Tuesday, June 20, 2023

How We Can Thrive In the Coming Catastrophe

Part One

First, we need a lifeboat. It's a sea of despair we'll be floating on, and there are others who will need to be rescued.
How did this happen? 
Pride, which led to overconfidence; going too fast at night through a field of icebergs; no headlight to show the frozen white mountain dead ahead; believing the gorgeous new ship could never sink. Of course we screwed up. Irony always wins, doesn't it? 

What kind of lifeboat is best? The philosophical one is time-tested and proven to keep us sane through every kind of tragedy. The religious lifeboat, too, is extremely good if we can understand its complexities. Both are proven life savers, and better than the one called "reason", which is unreliable due to the faults of pure logic.
Example: If we want to cross a room, reason tells us we must go halfway, then halfway again, and halfway once more, ad infinitum. We can't ever get across. This leads to despair, probably the greatest enemy in our lives. We must never give up and lose hope. 

Rescuing fellow survivors is a great way to form alliances for the future. We should gather as many as we can find. There's a lot of work that needs to be done to improve the safety of ocean travel; which is a perfect allegory for our journey through life. We all need maps and charts for our trip, and a reliable compass that will keep us going in the direction we choose. Without a compass we'll end up going around in circles. The vagaries of wind, tides, storms, and currents can easily sink us, no matter how large our ship is. We can learn a lot by studying the sky and sea. Ocean swells indicate a storm that's coming days before it can be seen.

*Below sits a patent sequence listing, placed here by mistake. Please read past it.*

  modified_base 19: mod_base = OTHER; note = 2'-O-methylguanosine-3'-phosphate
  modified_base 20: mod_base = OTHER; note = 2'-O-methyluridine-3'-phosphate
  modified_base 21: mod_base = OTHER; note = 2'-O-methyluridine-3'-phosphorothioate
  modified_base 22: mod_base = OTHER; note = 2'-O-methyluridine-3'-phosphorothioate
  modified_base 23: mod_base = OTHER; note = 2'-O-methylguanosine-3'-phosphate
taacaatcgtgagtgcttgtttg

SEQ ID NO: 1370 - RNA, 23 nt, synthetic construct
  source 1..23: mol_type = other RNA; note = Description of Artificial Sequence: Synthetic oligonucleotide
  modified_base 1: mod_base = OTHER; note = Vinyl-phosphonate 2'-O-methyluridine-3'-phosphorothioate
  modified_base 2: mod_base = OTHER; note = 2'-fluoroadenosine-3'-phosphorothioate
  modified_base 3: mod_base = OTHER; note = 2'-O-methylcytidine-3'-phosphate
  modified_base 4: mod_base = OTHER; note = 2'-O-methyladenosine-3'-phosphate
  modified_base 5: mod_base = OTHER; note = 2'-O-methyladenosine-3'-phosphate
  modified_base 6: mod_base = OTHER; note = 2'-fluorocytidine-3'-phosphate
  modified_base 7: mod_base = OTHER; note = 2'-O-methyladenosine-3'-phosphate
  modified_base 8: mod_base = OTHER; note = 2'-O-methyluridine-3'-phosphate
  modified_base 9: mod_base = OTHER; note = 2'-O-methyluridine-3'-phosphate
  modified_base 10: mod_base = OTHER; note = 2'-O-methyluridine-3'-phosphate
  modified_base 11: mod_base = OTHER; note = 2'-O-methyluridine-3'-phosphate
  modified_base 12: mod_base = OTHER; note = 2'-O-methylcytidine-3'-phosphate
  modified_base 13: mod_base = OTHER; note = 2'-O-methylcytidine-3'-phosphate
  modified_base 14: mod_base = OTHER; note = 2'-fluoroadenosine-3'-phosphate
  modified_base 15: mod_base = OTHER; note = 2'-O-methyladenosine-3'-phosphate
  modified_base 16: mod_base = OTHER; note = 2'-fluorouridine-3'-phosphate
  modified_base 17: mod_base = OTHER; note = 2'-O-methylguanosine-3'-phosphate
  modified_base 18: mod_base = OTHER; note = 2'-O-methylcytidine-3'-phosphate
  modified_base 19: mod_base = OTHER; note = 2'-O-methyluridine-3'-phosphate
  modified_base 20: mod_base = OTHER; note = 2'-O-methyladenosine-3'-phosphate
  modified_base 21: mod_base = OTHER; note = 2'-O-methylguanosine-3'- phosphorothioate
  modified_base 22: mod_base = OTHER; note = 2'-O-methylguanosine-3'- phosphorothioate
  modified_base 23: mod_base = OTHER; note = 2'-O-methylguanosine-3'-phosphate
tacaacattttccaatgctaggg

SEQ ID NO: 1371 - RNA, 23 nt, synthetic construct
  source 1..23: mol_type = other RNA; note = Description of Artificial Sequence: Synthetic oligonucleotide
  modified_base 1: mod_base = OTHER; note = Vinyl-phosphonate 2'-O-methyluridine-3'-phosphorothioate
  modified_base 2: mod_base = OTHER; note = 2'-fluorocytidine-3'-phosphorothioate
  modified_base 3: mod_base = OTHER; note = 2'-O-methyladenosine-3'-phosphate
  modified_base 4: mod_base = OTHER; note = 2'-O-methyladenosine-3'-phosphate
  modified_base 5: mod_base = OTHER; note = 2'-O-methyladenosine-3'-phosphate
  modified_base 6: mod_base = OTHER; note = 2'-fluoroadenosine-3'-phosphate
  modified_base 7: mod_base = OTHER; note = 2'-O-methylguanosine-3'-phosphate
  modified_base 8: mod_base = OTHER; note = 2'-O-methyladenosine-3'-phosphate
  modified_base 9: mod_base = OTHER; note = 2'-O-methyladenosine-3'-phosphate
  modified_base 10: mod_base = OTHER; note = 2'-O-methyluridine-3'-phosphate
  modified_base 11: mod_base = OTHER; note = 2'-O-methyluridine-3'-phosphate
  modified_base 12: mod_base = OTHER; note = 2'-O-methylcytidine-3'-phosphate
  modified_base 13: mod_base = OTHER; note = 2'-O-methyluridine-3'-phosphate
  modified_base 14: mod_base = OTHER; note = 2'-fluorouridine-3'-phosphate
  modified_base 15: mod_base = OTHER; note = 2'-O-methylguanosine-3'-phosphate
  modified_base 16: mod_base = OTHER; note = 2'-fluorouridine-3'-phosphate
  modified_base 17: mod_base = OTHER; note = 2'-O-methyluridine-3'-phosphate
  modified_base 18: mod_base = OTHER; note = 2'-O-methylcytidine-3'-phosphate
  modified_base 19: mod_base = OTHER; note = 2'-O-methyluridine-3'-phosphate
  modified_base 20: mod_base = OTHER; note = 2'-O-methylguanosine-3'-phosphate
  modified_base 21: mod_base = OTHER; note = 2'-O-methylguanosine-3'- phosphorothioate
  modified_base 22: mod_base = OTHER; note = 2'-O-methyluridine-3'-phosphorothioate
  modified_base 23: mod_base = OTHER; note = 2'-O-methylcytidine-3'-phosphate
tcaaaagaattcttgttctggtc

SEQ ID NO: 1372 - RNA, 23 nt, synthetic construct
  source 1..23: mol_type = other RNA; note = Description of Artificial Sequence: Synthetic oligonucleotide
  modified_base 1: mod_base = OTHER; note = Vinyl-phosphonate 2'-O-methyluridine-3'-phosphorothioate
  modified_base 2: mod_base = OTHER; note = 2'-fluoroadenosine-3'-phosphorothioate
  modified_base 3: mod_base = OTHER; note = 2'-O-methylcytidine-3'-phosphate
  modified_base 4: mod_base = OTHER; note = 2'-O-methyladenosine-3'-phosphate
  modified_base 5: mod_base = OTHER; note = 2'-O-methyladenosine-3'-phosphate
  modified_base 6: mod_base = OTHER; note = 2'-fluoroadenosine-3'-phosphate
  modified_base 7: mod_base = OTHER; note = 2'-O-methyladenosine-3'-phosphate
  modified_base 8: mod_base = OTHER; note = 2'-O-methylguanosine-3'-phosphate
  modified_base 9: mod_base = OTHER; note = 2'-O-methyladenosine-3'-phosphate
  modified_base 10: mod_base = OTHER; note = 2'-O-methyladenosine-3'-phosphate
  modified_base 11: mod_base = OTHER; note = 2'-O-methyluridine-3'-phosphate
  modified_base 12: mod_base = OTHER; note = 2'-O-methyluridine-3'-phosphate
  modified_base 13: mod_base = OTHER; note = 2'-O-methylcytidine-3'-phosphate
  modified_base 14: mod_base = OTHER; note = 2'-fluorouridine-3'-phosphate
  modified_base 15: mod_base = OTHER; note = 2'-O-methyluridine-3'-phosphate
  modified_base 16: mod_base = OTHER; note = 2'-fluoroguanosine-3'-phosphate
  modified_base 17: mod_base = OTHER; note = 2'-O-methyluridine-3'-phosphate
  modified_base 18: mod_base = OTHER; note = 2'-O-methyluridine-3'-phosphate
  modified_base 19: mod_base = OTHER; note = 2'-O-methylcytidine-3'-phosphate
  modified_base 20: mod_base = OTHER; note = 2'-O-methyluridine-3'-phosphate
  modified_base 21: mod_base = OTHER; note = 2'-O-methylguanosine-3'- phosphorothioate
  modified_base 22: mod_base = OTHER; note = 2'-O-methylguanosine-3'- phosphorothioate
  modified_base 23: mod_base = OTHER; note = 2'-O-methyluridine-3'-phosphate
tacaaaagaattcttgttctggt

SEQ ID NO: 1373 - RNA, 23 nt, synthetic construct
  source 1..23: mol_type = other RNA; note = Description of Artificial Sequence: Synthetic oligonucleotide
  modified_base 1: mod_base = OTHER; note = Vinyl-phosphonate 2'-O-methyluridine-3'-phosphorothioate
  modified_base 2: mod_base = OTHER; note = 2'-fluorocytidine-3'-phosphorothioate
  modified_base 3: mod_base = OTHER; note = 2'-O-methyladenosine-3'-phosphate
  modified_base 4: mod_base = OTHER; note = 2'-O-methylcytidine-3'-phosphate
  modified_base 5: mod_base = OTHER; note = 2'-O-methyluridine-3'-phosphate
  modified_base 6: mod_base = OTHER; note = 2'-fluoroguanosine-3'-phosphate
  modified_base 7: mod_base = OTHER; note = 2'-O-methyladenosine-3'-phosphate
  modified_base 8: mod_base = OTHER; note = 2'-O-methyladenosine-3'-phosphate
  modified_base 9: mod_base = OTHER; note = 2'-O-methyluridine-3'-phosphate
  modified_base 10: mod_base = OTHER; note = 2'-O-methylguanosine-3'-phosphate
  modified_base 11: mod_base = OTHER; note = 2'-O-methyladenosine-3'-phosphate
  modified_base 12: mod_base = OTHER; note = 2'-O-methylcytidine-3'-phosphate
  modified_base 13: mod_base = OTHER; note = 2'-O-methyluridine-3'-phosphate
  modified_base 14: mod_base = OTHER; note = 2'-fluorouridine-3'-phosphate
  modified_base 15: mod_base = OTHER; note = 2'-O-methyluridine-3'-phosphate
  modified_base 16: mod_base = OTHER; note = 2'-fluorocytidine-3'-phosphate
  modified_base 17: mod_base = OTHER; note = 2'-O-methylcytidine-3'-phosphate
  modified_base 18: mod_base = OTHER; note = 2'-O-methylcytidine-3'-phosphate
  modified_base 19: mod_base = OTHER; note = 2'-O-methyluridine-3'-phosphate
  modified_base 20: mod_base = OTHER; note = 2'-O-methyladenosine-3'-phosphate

The vast deep contains islands of paradise and archipelegos of hell, as well as invisible rocks and shoals that can destroy every kind and size of vessel. 
Tragedy and death at sea can happen any number of ways. Suffering is the rock upon which all religions and philosophies founder. We just have to endure the pain when it comes, and not cast blame automatically upon ourselves and others. 

                                                          Sailing in the North Sea

                               Why we have to suffer; the Book of Job: